The origins of my family are rooted in Languedoc, my mother was from Uzès (Gard), my father from Montpellier (Hérault), and I am deeply attached to this territory, its landscapes and its tastes. The agriade is a dish that my mother, an excellent cook, prepared for us from time to time. This is a relatively unknown but typical dish of the region and more specifically of Saint-Gilles, in the Camargue – a very “land-sea” recipe: the meat, generally chuck of beef, unless it is not either bull, is marinated then cooked for a very long time in a mince made up of gherkins, capers and anchovies, with garlic, onion and bay leaf.

Contrary to many French regional specialities, whose single name sometimes hides dozens of variants, it is a dish which can only be prepared in two ways (marinated or not), but which can be found in multiple designations. Historically called “aigriade” – derived from the word “sour”, because the meat was preserved on the boats thanks to the salt of anchovies and the acid of capers and gherkins -, it is more specifically called “aigriade Saint-Gilloise” or “Camargue sourdough”, but also “mariniers stew”, “barque knitting”, “broufade”, “estouffade”, or, as my mother called it, “beef à la mode des mariniers du Rhône”. The souring necessarily brings me back to the Camargue, the Rhône and its sailors, who descended the river from Lyon to Marseille and could preserve and consume this preparation for at least ten days.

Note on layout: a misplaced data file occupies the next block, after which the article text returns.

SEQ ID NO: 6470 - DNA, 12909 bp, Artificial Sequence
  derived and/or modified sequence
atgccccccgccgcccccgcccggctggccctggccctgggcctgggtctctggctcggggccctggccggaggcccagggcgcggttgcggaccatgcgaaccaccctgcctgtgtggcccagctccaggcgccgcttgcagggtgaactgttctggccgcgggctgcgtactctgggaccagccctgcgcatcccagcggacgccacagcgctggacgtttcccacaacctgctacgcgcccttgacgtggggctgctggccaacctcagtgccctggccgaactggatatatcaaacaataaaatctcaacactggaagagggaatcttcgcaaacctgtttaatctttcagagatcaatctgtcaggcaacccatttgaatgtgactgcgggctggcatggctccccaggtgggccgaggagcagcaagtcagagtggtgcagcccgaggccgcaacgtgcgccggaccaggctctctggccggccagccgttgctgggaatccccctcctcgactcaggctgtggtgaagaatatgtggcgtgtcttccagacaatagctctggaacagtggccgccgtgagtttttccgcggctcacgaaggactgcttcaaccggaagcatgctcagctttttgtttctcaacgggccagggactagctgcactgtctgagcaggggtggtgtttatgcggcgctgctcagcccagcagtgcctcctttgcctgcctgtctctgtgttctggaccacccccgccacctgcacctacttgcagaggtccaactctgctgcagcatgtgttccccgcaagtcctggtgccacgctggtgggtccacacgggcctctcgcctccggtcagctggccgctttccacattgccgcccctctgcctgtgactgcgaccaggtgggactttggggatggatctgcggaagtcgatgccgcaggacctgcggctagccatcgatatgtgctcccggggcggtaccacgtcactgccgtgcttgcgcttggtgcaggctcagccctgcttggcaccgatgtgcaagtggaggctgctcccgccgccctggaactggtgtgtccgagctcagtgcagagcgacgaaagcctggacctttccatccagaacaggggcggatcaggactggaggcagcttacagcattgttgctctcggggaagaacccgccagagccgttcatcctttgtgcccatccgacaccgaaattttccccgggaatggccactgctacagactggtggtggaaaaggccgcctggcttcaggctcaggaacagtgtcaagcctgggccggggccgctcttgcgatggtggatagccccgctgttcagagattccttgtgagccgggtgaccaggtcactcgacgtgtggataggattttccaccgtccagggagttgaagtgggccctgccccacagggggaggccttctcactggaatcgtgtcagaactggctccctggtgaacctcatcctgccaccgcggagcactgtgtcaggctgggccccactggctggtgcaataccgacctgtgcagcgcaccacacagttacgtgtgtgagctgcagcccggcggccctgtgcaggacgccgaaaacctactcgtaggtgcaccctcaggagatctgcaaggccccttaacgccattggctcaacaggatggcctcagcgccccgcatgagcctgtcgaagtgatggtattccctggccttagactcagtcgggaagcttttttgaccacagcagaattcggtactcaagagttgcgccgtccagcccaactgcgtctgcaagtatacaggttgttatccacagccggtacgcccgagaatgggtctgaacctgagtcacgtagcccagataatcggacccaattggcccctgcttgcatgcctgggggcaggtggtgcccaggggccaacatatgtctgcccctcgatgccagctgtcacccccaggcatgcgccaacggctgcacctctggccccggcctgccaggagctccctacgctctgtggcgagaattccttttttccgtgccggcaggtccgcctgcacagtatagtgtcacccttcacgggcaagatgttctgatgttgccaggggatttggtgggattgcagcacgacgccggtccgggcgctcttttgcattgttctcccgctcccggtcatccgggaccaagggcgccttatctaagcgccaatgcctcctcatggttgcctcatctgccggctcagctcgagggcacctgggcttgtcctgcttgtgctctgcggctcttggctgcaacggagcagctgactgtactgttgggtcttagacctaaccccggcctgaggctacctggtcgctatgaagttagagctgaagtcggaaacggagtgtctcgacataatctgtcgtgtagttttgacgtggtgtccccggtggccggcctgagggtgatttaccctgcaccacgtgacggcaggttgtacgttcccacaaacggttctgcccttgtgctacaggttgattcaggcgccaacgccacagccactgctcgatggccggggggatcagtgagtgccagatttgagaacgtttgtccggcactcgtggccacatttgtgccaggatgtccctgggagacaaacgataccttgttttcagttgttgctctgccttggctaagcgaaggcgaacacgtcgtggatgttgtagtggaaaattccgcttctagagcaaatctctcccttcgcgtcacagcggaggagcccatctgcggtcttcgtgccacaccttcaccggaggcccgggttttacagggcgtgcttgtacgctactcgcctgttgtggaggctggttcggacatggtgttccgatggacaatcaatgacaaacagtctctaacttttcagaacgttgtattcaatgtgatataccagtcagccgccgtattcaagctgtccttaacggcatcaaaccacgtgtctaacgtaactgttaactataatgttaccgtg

I have always loved watching my mother prepare and then enjoy her meals with the family, and I cook a lot for large tables. On the other hand, everyday cooking bores me, I don’t know how to do without a recipe, which makes me say that I am not a good cook. But I am so obsessed with the subject that François-Régis Gaudry, who sometimes involves me in his program “On va goûter”, on France Inter, believes that I have taken the wrong path and that I have missed my gastronomic vocation. Besides, I really like deciphering meal scenes in films.

I find that food in the cinema only really works with gourmet filmmakers, like Claude Chabrol or Bertrand Tavernier. Conversely, with François Truffaut, we do not eat, because he was not at all interested in this theme. At Tavernier, we see bistro scenes that make your mouth water. We know that Chabrol often chose filming locations based on gastronomic destinations.

There are terrible sequences like that of the meal in That the beast dies or of the lamb in Vincent, François, Paul and the others, by Claude Sautet, around which we swing horrors but where the protagonists end up eating because their appetite always takes back its rights… The shared dish is a whole symbolism that crosses the screen – pleasure, sorrows and mixed memories.


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